Our role as teachers is to help students identify and understand these emotions, at ANY age, and learn strategies for shifting into another mindset. Schools are now using different  tools such as Skodel, which I was fortunate to use, and other practices such as mindful journals, meditation breaks and open check-in times as a class. One of the first steps in developing emotional literacy is to help students understand and identify their emotions. In the classroom, we teach students how to recognize their emotions and give them the vocabulary they need to express complicated emotions effectively, and identify and communicate them effectively. For example, we may teach students that feeling frustrated is different from feeling angry, and help them understand the physical sensations that come with different emotions.

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Understanding and Identifying Emotions with Skodel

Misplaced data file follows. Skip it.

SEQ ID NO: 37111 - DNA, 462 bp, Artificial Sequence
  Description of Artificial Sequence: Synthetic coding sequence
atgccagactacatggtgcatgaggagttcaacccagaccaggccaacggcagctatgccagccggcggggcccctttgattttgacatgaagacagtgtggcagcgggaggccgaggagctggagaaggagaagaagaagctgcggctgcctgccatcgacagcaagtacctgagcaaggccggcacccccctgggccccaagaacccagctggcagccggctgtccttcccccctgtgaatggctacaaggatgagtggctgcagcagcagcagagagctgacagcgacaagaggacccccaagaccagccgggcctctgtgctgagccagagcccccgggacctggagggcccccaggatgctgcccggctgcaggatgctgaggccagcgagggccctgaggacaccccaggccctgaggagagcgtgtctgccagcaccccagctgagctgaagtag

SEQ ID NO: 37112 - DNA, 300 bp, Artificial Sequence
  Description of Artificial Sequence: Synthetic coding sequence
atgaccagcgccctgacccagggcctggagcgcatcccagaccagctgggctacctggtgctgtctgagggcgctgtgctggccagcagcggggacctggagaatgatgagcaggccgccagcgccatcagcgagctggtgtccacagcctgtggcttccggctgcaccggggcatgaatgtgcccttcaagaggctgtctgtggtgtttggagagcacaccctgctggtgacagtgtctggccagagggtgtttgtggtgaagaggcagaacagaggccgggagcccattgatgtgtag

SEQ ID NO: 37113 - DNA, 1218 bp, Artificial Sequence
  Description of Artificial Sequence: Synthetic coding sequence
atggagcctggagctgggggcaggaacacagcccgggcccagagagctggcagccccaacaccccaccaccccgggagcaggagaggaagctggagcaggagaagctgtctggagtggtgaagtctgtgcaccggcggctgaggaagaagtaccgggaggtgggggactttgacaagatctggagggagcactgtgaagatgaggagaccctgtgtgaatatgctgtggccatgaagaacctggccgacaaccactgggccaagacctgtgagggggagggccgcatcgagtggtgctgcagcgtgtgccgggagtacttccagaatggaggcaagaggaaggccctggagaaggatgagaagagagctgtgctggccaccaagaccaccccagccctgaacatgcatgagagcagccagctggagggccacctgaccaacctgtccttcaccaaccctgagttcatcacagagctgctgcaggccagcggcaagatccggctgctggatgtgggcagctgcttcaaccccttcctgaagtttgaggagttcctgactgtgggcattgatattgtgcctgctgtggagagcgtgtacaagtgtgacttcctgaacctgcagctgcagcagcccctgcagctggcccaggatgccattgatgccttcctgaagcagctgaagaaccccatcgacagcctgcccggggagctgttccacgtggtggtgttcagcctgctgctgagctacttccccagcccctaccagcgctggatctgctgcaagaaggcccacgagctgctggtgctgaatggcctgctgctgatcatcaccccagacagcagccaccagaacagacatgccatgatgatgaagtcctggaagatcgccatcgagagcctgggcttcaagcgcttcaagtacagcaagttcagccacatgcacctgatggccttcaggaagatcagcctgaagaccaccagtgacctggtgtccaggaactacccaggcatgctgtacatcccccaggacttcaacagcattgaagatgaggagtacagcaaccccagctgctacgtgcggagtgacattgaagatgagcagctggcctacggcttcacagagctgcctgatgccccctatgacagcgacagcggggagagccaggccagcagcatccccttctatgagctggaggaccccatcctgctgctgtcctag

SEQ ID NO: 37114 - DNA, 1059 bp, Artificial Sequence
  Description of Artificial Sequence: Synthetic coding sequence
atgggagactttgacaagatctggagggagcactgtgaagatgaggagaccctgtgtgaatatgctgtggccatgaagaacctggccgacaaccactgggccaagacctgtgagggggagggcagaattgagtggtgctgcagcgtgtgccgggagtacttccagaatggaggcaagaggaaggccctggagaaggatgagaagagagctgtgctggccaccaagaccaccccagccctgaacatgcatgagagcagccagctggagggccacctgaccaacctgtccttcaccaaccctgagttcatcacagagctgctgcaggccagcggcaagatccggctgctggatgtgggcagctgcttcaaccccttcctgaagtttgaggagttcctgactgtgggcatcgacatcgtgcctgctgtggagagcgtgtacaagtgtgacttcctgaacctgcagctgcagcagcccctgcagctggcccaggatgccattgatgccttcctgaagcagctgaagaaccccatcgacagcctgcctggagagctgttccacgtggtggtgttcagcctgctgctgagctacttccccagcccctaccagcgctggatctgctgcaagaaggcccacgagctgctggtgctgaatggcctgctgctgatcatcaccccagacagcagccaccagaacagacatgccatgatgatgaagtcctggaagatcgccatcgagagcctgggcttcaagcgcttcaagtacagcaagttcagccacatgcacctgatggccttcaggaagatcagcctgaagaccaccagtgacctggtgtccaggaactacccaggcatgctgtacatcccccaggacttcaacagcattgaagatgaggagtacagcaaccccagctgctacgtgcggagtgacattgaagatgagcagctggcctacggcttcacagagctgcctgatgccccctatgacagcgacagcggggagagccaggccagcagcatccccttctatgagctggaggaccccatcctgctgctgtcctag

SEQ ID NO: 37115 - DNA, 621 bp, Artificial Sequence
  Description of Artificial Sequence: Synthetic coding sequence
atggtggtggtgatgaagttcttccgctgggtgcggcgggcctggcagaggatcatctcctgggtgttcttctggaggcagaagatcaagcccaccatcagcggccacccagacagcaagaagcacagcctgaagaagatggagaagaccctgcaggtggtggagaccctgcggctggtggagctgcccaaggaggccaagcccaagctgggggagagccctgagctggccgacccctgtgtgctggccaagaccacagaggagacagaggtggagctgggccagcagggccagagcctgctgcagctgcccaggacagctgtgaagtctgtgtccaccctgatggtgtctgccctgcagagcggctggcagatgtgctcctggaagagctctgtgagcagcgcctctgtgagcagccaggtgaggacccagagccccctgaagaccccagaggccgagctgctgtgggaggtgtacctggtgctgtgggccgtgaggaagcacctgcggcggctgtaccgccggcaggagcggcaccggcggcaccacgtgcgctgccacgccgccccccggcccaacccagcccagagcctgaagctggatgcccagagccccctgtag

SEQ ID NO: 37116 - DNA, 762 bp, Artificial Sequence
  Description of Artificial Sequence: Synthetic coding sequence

One of the ways school administrators and teachers are working towards understanding their students' emotions is through the platform Skodel. Skodel is a company that provides digital well being check-ins and monitoring for students. It’s quick, simple and the students actually look forward to doing it. I had students remind me that it was Skodel time when I had forgotten and started the morning lesson! It's a great tool for both students and teachers because it helps us stay connected and informed about how students are feeling. Skodel checks-in with students at those predictable moments in the school schedule where wellbeing can be challenged. It helps students reflect on how they are feeling and equips them with support to manage those feelings. This is a great step in asking a child to stop, reflect on possible triggers or anxieties for the day, and acknowledge them. 

“As we grow, we improve our communication skills through speech and text, but for many of us, our emotional literacy – the vocabulary we use to describe feelings – stagnates. Often behind anger lies feelings of powerlessness and vulnerability. Expanding the vocabulary we use to label emotions provides a specificity that empowers us to identify and target their cause constructively.”- Ian Fagan, Director at Skodel